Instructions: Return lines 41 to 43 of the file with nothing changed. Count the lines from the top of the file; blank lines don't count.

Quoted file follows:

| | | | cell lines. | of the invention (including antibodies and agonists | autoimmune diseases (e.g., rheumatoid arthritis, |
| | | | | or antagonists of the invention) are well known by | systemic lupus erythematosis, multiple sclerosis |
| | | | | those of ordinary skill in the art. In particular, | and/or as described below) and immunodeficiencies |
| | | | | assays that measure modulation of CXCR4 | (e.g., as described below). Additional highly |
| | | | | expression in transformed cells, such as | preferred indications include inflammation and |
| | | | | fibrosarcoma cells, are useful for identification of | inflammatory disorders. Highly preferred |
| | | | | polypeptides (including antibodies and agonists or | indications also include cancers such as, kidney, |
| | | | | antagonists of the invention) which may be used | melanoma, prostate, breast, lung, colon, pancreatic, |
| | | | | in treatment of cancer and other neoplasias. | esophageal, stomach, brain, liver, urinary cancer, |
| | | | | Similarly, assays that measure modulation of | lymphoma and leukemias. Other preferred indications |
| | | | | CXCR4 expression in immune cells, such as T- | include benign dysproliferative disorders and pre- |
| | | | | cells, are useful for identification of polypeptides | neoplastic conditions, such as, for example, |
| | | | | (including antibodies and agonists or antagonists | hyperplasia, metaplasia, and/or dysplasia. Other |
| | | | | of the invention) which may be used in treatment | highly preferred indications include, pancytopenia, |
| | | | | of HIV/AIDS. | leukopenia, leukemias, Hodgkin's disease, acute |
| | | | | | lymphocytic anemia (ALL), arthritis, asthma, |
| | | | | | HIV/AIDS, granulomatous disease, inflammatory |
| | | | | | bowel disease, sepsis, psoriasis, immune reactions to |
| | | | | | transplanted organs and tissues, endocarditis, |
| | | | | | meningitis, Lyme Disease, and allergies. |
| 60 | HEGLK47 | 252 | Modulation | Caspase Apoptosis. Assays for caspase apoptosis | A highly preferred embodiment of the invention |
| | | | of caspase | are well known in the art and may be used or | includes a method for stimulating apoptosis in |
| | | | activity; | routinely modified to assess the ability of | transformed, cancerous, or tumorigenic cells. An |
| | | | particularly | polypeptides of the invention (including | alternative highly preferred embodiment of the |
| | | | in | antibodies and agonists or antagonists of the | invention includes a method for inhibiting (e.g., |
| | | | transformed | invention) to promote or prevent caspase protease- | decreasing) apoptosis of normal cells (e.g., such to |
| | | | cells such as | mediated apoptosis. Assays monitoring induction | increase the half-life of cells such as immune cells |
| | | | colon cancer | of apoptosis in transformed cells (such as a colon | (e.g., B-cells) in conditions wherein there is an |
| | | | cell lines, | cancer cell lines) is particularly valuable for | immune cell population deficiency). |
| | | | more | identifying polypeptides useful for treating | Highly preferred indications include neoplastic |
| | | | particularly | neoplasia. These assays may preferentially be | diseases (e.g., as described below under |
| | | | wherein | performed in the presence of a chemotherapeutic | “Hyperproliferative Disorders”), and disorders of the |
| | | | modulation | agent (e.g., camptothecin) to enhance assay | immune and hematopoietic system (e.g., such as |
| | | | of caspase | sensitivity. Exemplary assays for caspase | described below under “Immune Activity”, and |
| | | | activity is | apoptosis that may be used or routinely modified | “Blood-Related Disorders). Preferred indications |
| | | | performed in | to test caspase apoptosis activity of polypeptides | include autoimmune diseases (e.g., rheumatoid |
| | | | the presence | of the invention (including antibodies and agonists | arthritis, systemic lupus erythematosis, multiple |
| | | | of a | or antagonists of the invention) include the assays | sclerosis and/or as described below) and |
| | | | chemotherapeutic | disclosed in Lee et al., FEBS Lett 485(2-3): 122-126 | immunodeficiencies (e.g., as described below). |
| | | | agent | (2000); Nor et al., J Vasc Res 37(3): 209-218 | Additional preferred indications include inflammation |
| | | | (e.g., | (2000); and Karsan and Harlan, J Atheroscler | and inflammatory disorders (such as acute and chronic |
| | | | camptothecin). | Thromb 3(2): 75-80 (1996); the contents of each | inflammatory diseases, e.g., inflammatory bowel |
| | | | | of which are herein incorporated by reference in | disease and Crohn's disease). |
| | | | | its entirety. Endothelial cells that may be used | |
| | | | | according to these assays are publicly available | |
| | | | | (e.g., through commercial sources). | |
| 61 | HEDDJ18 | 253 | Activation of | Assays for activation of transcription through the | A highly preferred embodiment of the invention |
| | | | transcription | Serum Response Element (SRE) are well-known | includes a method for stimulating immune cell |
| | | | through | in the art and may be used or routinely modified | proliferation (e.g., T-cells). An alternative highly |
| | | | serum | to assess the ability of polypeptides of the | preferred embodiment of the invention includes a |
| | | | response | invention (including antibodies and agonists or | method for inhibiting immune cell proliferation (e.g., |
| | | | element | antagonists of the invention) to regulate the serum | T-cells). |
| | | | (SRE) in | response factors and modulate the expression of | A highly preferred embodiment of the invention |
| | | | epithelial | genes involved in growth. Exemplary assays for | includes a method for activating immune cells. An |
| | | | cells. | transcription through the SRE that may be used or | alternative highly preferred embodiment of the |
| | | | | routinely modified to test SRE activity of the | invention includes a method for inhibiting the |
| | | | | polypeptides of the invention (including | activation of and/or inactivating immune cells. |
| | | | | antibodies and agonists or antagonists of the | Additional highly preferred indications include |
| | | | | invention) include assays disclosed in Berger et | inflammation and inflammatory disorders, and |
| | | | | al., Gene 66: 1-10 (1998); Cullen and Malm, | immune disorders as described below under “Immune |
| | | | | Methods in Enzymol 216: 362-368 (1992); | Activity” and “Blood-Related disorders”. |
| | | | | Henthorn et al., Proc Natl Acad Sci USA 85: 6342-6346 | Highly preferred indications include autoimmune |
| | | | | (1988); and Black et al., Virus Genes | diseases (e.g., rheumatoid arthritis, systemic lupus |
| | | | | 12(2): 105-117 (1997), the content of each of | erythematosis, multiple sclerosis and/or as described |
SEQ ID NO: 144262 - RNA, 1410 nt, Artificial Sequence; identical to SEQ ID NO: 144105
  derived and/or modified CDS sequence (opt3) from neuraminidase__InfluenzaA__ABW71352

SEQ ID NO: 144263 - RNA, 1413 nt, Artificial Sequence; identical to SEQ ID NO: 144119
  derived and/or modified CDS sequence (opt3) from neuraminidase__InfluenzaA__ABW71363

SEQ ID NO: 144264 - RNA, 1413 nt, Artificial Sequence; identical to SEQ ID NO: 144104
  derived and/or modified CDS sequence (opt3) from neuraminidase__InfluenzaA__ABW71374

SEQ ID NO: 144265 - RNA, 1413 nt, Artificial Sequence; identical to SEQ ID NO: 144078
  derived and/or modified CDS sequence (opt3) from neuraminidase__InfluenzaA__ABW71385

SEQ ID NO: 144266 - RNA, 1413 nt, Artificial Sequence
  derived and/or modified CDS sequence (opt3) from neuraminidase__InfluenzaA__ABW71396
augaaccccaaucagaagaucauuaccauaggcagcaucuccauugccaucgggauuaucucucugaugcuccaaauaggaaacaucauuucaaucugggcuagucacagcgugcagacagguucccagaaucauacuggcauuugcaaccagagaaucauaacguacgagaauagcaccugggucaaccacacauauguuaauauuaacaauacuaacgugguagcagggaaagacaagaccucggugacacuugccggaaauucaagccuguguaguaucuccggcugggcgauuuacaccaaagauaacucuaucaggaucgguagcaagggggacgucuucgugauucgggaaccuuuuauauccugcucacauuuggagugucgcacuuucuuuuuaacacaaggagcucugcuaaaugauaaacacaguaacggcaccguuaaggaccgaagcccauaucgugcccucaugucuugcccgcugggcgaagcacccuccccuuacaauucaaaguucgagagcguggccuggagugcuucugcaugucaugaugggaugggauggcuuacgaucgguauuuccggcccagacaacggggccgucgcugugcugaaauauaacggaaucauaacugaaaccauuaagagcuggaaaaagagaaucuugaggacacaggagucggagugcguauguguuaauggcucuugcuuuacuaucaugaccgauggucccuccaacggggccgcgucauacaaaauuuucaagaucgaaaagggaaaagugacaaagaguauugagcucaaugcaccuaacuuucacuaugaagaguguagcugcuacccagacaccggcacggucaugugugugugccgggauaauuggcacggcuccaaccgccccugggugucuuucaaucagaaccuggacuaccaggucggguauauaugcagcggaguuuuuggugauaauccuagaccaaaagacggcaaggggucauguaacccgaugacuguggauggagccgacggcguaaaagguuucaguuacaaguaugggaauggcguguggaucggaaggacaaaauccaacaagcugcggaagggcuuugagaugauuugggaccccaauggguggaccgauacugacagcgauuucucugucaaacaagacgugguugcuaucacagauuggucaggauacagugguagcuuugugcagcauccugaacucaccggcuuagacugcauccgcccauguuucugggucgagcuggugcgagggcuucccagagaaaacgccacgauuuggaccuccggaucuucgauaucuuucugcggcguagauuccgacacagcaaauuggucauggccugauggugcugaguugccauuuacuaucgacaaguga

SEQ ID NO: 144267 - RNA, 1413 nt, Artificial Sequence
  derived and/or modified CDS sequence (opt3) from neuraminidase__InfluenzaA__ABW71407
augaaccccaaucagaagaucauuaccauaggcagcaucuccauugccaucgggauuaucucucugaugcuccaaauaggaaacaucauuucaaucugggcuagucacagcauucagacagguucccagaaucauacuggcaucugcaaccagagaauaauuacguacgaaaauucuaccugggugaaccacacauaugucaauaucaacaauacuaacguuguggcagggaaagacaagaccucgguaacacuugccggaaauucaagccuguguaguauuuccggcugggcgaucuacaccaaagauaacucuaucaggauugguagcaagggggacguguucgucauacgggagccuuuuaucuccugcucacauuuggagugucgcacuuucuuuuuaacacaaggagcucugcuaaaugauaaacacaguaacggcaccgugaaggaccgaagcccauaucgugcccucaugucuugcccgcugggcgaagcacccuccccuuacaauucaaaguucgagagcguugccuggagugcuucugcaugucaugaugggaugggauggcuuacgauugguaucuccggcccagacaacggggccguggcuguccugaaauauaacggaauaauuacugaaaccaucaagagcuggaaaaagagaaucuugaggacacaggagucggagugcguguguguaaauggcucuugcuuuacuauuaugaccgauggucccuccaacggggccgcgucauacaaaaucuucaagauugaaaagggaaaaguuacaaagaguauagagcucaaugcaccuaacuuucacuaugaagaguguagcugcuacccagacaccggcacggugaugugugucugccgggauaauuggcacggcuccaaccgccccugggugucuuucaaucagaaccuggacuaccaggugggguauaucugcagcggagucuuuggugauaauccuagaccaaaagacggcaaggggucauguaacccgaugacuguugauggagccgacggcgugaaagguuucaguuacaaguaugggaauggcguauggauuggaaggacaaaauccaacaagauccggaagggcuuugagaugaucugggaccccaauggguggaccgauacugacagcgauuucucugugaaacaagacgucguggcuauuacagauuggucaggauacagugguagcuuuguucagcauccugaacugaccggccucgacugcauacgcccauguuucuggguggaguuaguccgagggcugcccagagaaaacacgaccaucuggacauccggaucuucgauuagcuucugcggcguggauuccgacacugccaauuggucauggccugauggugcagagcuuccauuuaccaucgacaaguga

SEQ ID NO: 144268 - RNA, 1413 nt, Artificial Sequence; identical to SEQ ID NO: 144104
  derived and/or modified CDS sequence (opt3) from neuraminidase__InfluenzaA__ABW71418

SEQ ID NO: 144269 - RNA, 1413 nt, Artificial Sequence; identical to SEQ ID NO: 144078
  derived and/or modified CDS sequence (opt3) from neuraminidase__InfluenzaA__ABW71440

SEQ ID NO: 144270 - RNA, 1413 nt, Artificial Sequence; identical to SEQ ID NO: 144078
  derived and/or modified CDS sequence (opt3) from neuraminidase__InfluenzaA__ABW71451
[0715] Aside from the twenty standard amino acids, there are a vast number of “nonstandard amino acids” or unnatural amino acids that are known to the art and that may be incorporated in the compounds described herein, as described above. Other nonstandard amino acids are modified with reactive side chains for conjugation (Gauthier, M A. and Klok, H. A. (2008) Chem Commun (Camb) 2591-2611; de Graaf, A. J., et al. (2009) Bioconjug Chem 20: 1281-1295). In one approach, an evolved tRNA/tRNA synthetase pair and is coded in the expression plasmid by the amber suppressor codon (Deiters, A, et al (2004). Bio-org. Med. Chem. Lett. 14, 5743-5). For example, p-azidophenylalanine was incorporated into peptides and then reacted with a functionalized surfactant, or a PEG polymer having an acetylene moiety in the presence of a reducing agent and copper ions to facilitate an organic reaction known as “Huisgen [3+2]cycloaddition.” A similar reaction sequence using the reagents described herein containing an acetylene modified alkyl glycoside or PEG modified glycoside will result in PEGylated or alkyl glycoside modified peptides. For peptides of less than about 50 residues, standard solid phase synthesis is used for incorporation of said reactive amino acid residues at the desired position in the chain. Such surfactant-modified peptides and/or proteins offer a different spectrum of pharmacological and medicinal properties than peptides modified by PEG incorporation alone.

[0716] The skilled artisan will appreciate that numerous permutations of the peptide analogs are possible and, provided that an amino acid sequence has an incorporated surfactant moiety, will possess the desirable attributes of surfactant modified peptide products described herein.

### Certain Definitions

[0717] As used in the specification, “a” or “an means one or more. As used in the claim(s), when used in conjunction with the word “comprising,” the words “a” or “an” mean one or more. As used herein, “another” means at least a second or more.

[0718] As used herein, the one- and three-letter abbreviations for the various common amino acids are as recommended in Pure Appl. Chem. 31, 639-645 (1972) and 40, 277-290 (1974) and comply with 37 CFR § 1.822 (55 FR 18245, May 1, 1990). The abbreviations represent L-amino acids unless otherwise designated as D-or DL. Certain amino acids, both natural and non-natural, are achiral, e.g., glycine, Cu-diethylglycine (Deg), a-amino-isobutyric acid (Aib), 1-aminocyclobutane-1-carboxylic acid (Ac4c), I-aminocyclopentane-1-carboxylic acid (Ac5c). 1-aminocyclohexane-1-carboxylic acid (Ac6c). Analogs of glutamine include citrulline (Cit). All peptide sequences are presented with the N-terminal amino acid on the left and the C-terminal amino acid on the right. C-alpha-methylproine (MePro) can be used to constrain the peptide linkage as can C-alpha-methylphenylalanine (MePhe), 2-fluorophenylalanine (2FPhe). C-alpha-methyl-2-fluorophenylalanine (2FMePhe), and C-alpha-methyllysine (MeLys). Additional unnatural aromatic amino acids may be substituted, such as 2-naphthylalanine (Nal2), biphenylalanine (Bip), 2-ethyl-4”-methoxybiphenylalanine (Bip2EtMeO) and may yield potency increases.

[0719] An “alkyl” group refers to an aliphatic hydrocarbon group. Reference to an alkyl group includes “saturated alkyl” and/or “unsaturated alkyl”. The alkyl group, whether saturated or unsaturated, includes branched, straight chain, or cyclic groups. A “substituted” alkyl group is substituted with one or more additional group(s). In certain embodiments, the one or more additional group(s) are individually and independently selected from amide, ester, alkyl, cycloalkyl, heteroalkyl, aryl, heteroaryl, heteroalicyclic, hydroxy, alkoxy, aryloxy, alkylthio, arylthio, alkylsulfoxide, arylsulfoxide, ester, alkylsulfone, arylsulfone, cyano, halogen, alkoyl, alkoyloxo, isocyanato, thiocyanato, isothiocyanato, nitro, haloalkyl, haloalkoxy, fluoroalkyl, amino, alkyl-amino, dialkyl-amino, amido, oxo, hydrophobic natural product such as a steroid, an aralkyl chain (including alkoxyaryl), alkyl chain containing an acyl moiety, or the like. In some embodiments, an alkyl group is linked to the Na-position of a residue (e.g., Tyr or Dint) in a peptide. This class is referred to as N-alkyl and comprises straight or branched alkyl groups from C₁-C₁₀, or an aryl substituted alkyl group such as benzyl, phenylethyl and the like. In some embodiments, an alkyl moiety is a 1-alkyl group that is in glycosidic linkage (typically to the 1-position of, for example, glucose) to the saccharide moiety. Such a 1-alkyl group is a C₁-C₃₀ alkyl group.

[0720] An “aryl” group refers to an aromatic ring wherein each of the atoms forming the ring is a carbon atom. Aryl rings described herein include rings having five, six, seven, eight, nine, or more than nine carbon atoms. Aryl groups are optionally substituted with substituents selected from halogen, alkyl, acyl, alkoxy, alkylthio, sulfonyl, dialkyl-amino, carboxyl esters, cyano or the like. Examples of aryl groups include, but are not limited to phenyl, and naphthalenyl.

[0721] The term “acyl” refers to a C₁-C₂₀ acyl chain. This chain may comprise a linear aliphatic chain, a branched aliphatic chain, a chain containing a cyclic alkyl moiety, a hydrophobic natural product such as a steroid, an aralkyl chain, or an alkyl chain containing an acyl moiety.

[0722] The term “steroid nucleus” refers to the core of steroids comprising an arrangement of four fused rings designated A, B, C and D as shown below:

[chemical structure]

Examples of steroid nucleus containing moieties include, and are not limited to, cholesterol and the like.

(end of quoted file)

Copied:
| | | | (e.g., | (2000); and Karsan and Harlan, J Atheroscler | and inflammatory disorders (such as acute and chronic |
| | | | camptothecin). | Thromb 3(2): 75-80 (1996); the contents of each | inflammatory diseases, e.g., inflammatory bowel |
| | | | | of which are herein incorporated by reference in | disease and Crohn's disease). |